Review by: Sophie Stevens
Publisher: VIZ Media
Author: Yun Kouga
Genre: Graphic Novel
MSRP: $8.99 US
Rating: T+ (Older Teen)
Release Date: Available Now
It’s like an RPG without the hefty price tag.
All of us in this office love Yun Kouga.
In fact, we said it directly to Kouga-sensei herself during AX 2009 in Los Angeles when she was one of the guests of honor at the expo. It’s true since all of us have been touched by her work at some point whether it was picking up the first volume of Loveless! or even Earthian. Even the boys in this office love her character design work for the hit anime, Gundam 00. So, as you can see, we were excited about Volume 1 of Gestalt. Unfortunately, it’s not her best work but it does have something about it that makes it worth reading … good characters, great artwork and some sincerely funny moments.
Gestalt tells the legend of a Demon God that has managed to anger the other Gods in such a way that this Demon God was cast out and his name never to be spoken again. The Demon God took refuge in a far off island that has become legendary because of a rumor that says that anyone seeking this Demon God and makes the journey to the island will have their wishes granted. Many have made the journey and were never heard from again and very few people even make an attempt … until now.
Father Olivier of the Church of Vasaria has left the order to go to the island named “G” that is said to be named after the Demon God. This, of course, causes quite a stir in the church as Father Messiah has ordered a Dark Elf to bring the missing Father back to the safety of the church. Having traveled far already, Father Olivier shows the innkeeper he’s staying with a small miracle (by way of magic). It’s an act that tickles the female innkeeper so much that she gives the handsome priest a gift … a beautiful young slave girl who also happens to be a mute.
While the good priest doesn’t accept the gift because it‘s wrong to own a human being, the girl named Ouri makes it quite clear that she could be sold to somebody that would mistreat her. Seeing no choice, he takes the girl and even tries to break the spell that had turned her mute in the first place. When he does manage to break said spell, he finds Ouri to be quite a lively, quick-tempered and flirty girl who quickly takes a liking to the priest. She’s cute, sexy and plays up the fan service in the series quite well. Normally, I would have rolled my eyes at this description but Ouri is actually quite likeable and funny. She’s the type of girl that smacks a big brute around and – without much though – was cheerfully going to step on the brute’s neck if the priest hadn’t stopped her and told her it’s wrong to kill people.
After having revealed that Ouri is actually a sorceress when she defeats the Dark Elf named Suzu that was sent to bring Father Olivier back to the church, the pair make it to a city where the King had set up a fighting tournament. Little do they know that it was the Queen that had bent the rules of the competition that has the losers of each battle go up against a monster known as a Carrion Worm. Ouri doesn’t see it as much of a problem and asks the big brute – named Harlaown – to join her in the arena to fight the giant beast. This draws out a handsome young fellow who has a special connection with Ouri and reveals a secret about the pretty slave.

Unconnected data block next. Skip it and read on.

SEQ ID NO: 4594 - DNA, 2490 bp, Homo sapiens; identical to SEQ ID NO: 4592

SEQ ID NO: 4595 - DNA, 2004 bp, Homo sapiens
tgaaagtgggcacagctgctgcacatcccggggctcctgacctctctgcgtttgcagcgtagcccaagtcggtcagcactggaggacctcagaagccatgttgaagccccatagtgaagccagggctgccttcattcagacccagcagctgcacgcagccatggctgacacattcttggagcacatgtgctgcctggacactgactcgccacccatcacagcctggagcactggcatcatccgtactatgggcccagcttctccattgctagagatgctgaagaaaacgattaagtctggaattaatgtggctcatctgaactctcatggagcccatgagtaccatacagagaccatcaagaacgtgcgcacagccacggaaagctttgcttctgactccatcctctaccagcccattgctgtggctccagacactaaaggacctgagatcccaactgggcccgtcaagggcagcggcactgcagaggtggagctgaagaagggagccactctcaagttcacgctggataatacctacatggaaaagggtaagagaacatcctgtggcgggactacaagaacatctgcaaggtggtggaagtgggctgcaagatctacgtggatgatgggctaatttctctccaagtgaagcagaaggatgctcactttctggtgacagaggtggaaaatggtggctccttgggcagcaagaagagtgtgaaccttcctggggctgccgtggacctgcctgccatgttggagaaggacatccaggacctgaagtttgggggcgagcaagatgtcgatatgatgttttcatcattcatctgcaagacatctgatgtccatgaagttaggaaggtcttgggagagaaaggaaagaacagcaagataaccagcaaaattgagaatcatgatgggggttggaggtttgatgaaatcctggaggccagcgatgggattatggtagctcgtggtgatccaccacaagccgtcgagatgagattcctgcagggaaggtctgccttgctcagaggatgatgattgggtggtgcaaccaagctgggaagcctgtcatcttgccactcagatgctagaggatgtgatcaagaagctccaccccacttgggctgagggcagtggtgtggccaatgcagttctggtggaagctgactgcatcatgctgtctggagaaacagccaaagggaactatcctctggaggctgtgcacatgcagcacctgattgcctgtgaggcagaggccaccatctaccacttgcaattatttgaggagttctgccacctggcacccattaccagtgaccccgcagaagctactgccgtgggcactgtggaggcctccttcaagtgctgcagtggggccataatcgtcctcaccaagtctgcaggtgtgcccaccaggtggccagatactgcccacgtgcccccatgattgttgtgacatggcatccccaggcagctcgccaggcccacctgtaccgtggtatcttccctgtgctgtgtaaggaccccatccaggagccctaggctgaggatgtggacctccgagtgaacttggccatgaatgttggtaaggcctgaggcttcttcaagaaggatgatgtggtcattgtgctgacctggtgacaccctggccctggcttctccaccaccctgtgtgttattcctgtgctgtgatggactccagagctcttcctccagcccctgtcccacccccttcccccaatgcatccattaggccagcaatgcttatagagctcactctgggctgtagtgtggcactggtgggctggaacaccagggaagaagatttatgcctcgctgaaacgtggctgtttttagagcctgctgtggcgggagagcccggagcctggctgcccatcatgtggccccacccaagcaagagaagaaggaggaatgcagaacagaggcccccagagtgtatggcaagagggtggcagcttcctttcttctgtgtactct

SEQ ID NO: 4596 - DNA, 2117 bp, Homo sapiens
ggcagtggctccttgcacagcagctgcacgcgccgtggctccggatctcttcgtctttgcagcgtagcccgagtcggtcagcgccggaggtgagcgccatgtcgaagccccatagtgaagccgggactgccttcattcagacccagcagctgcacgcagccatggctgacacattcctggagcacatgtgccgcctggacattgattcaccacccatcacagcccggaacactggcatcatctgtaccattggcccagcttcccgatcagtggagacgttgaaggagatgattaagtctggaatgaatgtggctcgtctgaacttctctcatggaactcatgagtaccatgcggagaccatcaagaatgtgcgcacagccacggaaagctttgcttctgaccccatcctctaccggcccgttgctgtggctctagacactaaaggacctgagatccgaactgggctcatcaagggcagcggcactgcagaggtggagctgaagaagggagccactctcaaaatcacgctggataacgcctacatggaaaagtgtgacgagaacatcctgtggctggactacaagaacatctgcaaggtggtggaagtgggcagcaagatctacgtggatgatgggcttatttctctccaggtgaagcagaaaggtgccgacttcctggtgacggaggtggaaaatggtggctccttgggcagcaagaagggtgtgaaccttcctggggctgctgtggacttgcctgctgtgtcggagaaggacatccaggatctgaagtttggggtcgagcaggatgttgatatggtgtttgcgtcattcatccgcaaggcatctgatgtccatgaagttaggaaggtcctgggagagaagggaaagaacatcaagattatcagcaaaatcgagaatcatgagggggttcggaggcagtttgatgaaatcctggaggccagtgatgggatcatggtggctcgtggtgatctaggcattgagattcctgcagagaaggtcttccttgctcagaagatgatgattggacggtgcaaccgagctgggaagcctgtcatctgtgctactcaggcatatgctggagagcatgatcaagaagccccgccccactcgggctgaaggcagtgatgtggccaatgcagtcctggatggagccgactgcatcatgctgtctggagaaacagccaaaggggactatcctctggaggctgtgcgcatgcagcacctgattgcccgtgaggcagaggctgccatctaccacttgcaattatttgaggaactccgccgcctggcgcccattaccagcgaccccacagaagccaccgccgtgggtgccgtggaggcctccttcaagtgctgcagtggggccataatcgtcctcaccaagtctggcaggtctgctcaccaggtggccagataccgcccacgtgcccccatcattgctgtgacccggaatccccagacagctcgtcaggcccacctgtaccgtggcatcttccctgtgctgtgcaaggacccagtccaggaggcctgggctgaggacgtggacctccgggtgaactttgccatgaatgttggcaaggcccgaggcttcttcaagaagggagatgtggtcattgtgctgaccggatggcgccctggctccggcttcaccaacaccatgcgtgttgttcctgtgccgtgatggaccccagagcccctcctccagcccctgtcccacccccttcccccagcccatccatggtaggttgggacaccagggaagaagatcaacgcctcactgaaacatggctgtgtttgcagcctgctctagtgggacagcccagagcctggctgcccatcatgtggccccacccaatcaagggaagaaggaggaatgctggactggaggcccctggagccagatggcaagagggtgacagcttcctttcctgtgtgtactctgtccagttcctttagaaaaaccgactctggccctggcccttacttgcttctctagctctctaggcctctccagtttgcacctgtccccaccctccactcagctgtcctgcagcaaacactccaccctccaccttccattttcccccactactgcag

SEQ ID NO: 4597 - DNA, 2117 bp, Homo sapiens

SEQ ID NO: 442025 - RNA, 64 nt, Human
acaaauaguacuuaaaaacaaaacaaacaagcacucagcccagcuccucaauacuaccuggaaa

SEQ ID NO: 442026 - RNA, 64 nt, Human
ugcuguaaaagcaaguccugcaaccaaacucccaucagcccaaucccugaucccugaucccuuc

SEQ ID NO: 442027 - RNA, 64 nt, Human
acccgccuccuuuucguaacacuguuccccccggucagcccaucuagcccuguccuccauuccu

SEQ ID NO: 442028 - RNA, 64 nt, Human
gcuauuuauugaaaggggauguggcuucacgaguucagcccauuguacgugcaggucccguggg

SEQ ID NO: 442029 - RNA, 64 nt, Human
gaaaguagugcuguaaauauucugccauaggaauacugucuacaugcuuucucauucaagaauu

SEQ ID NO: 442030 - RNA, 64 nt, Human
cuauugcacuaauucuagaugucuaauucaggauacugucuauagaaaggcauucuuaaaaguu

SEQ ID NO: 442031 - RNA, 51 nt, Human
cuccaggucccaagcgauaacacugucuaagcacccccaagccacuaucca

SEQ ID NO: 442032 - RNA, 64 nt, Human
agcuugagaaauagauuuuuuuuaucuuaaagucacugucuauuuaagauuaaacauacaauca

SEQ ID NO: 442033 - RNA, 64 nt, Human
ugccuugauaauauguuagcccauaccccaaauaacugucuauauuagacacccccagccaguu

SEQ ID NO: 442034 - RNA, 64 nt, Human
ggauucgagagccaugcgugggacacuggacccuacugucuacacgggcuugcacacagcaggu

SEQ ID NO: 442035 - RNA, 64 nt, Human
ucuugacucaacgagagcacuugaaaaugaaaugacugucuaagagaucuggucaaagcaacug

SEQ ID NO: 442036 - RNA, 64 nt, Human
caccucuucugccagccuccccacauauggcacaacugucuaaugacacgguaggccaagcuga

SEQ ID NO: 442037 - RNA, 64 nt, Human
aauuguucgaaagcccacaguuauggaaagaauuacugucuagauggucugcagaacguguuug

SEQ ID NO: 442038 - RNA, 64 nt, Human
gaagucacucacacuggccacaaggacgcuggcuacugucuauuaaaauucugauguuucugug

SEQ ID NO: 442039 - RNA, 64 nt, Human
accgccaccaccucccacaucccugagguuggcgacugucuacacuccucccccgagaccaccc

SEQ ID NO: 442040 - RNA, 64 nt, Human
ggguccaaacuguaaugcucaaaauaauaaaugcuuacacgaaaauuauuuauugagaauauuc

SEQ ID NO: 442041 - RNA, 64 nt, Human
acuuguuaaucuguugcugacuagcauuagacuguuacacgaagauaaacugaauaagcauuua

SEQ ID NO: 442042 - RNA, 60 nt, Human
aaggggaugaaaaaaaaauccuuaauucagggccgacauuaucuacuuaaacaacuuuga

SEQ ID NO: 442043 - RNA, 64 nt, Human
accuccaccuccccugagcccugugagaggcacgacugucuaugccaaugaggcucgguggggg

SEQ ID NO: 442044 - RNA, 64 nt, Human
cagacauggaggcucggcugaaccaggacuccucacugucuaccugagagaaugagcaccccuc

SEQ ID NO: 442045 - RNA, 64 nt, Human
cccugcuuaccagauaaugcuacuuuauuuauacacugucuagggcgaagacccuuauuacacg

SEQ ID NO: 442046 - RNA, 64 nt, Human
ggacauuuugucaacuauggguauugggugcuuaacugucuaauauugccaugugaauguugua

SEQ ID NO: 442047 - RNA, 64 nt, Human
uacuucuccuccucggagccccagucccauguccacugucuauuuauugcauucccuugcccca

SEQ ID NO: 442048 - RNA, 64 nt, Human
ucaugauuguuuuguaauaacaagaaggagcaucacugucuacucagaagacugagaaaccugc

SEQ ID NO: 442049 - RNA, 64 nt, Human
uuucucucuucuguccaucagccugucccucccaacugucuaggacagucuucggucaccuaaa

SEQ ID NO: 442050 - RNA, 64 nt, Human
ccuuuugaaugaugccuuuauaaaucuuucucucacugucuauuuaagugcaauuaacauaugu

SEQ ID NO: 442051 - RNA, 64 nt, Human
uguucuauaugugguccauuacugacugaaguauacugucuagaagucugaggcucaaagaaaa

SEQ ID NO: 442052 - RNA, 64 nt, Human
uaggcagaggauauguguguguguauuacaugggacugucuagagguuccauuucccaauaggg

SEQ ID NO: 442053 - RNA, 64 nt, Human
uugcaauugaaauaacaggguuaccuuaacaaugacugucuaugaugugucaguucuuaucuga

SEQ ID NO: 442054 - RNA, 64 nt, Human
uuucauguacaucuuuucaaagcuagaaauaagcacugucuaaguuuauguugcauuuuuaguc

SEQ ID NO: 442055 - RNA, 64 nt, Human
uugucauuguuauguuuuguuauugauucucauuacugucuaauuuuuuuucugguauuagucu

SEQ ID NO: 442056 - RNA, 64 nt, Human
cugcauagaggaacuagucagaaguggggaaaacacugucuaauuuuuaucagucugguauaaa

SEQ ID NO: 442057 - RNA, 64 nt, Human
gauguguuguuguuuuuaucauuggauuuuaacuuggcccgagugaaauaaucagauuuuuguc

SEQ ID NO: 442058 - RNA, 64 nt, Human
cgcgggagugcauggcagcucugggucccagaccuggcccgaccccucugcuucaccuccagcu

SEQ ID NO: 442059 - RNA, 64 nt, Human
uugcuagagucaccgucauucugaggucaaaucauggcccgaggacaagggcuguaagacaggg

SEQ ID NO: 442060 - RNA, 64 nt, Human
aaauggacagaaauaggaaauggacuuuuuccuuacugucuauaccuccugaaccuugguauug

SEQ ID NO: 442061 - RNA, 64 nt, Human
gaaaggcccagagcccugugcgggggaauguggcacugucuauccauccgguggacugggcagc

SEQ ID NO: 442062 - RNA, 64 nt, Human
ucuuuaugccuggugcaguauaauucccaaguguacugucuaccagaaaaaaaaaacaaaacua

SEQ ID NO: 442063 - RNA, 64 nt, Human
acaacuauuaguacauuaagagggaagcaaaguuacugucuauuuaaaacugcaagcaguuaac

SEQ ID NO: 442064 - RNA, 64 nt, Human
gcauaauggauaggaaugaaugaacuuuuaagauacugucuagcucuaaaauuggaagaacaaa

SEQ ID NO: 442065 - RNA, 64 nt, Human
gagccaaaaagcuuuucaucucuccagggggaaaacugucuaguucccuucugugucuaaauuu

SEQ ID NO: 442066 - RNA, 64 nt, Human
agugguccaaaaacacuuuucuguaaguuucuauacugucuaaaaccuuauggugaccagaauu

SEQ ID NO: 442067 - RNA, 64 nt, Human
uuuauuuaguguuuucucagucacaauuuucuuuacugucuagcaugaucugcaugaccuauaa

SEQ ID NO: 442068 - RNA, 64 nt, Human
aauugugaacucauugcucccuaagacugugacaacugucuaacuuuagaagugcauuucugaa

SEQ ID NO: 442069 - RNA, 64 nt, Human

Even with the truth about Ouri, Father Olivier still takes her along on the journey to the place Ouri called Gestalt. Suzu, the Dark Elf, makes a return and decides to travel with them seeing as she can’t bring the priest back home by force thanks to Ouri’s incredible strength and magical abilities. Joining them for reasons that aren’t even explained is a fortuneteller named Shazan (that looks way too much like Father Olivier). In the final chapter of the volume, the priest is captured by somebody that Ouri knows. It’s a trap, alright, but something about Father Olivier makes it clear that none of these characters are what they seem.
It is the characters that make Gestalt worth reading and even more so thanks to Ouri who is mysterious and actually quite funny. Strangely enough, the character introductions look like they came straight out of a role-playing game. Do we really need to know how much MP a Magic Arrow spell costs or what level each character is at when introduced. There’s even mention of leveling up! As a gamer myself, I think Gestalt would have made an interesting RPG but this is a manga.
Gestalt, Volume 1, certainly isn’t Kouga-sensei’s best work but its not entirely bad either. As a fan of her work and art, I found myself liking the first volume’s sense of humor and I do see the possibility that this series might just get more interesting in the next volume or two. If you’re a Yun Kouga fan, you might want to give this a try but just don’t expect this to be in the same league as some of her best work.
MANGA REVIEW BREAKDOWN
Father Olivier leaves the church on a journey to find an island known only as “G” in order to see if the legends are true. Along the way he is given a mute slave girl named Ouri who turns out to be something else completely different. Their adventure leads them to dangerous lands and they meet new companions along the way as Ouri’s true identity puts them all in harm’s way.
I always admired Kouga’s light and beautiful artwork that makes the action and the scenes flow naturally. I also love her character designs, although Father Olivier and Shazan look way too similar to each another.
Simply put, Volume 1 of Gestalt has its good points that make this a decent story worth following if you’re a true Yun Kouga fan but then again it certainly lacks in all the things that made Earthian and Loveless! so brilliant. I’m of the believe that this story and its characters would have been better suited to a console-based role-playing game instead.